Goostrey’s Catriona and Mike Marshall will be making a dash for it in a bid to raise £100,000 for a charity aiming to find a cure for a devastating disease.
The 200-mile Cheshire Dash cycle ride is being organised by Catriona and Mike Marshall from Goostrey, and starts and ends at their home.
Mike and Catriona Marshall

The event takes place over two days, July 7 and 8, with 100 riders aiming to raise £1,000 each for Duchenne UK.
The cyclists range from novices to experienced riders, all raising funds to find a cure for a form of muscular dystrophy which affects young boys.The route starts in Goostrey and heads through Delamere towards Mickle Trafford and the Cheshire Millenium Greenway cycle path.
From there the cyclists enter north Wales and later return via the River Dee Cycle Path into Chester, around the Chester Racecourse and through The Groves where it leaves the River Dee.
The route then heads towards east Cheshire villages in the direction of Bickerton then Audlem.
The riders will stop at 100 miles for an overnight rest at Keele University, before embarking the following day on the next 100 miles, heading back into Cheshire and over the Macclesfield hills.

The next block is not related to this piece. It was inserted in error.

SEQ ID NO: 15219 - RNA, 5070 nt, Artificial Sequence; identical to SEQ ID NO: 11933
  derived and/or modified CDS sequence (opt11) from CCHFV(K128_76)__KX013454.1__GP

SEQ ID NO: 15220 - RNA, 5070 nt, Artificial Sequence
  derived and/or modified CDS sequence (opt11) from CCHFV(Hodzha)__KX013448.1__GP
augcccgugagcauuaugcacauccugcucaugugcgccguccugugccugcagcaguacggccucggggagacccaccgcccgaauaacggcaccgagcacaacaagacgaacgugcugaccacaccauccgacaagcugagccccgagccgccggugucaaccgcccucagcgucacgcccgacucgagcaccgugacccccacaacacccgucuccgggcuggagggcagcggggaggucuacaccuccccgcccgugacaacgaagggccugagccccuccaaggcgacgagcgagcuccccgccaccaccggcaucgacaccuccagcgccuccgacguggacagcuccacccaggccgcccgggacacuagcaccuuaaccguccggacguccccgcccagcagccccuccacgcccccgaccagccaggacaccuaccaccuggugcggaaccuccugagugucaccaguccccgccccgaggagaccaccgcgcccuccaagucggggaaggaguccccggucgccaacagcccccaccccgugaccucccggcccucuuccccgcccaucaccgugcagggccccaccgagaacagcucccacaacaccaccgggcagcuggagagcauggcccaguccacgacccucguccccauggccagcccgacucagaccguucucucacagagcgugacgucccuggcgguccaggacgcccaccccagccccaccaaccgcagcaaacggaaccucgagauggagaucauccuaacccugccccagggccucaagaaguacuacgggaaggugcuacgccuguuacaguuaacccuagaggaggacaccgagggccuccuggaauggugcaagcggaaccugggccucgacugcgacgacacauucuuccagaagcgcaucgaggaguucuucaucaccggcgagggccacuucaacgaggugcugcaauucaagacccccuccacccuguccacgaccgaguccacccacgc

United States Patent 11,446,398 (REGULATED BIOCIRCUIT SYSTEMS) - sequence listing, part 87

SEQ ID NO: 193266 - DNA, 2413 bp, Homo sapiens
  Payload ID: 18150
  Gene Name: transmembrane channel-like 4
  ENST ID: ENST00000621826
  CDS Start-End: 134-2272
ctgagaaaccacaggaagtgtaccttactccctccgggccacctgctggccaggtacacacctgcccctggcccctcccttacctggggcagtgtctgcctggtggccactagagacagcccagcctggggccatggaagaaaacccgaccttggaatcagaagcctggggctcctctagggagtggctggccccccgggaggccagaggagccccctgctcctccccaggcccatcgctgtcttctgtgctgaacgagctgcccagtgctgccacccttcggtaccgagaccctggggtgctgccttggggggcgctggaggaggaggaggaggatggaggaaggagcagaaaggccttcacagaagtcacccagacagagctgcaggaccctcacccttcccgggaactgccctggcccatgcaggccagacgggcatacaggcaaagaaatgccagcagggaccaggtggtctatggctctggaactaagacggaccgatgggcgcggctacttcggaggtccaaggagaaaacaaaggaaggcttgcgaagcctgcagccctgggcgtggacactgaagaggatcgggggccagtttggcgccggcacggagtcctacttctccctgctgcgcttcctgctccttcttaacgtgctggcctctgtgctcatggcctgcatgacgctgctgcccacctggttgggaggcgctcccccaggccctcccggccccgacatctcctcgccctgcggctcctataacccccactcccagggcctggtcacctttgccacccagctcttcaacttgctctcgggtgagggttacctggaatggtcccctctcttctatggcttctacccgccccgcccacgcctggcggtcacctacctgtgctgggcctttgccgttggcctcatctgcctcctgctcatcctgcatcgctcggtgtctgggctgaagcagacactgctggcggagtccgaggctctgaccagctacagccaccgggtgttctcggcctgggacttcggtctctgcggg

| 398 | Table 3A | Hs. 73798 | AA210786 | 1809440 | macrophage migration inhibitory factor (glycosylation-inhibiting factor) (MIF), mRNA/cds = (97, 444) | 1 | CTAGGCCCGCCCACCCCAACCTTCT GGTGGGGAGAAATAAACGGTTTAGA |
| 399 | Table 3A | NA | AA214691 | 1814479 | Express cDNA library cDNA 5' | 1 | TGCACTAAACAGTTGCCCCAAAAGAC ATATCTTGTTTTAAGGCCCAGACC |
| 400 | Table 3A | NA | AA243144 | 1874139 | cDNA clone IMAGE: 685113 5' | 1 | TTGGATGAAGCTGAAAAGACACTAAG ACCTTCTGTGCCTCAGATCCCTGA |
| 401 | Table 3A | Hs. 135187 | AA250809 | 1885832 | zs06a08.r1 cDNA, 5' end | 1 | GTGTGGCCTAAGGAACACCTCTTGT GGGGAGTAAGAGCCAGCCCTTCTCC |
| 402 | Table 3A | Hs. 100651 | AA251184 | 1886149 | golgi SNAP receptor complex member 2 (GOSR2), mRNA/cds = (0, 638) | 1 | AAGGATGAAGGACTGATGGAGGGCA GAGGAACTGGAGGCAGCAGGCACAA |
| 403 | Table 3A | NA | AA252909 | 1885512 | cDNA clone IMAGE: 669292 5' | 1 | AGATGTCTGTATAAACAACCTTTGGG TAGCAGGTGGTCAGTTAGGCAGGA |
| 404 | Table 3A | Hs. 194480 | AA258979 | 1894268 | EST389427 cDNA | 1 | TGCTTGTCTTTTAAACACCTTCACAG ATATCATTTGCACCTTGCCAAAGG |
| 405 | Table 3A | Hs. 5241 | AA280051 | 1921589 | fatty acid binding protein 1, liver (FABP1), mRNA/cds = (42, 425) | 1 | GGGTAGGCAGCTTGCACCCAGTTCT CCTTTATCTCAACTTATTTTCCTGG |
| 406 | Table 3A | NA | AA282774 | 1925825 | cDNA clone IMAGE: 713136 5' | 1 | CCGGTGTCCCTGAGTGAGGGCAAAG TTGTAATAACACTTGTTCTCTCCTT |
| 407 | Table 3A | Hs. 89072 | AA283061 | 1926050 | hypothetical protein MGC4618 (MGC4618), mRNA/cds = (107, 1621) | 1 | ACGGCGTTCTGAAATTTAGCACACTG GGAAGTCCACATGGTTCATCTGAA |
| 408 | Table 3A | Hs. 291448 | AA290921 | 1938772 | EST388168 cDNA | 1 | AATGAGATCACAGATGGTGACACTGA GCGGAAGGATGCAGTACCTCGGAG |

The event is being organised by Catriona and Mike Marshall, who have been so impressed with the rapid progress being made by Duchenne UK that they want to help its mission to end this terrible disease.

They’re being supported by families in Cheshire affected by Duchenne, including family members who are taking to their bikes for the challenge.
Catriona was inspired to stage the event after taking part in The Duchenne Dash Bike Ride from London to Paris.
She said: “It’s been a great opportunity to raise awareness of Duchenne and funds to support critical research, but it’s also been an opportunity to celebrate our beautiful Cheshire villages and countryside.
“We’ve recruited many new cyclists, who’ve been enjoying months of training around the lanes.”
Local businesses have been very supportive, with The Cheshire Dining Experience providing food, Bentley Manchester providing the lead vehicles, Yodel the support vans and Jacamo a flash of fashion.

The event can still accommodate more riders, so if you’re motivated to sign up register at

Duchenne muscular dystrophy (DMD) is the most common fatal genetic disease diagnosed in childhood.The disease almost always affects boys, and they tend to be diagnosed before the age of five. There are around 2,500 patients in the UK and an estimated 300,000 sufferers worldwide.

Charity cyclists to set off . Knutsford Guardian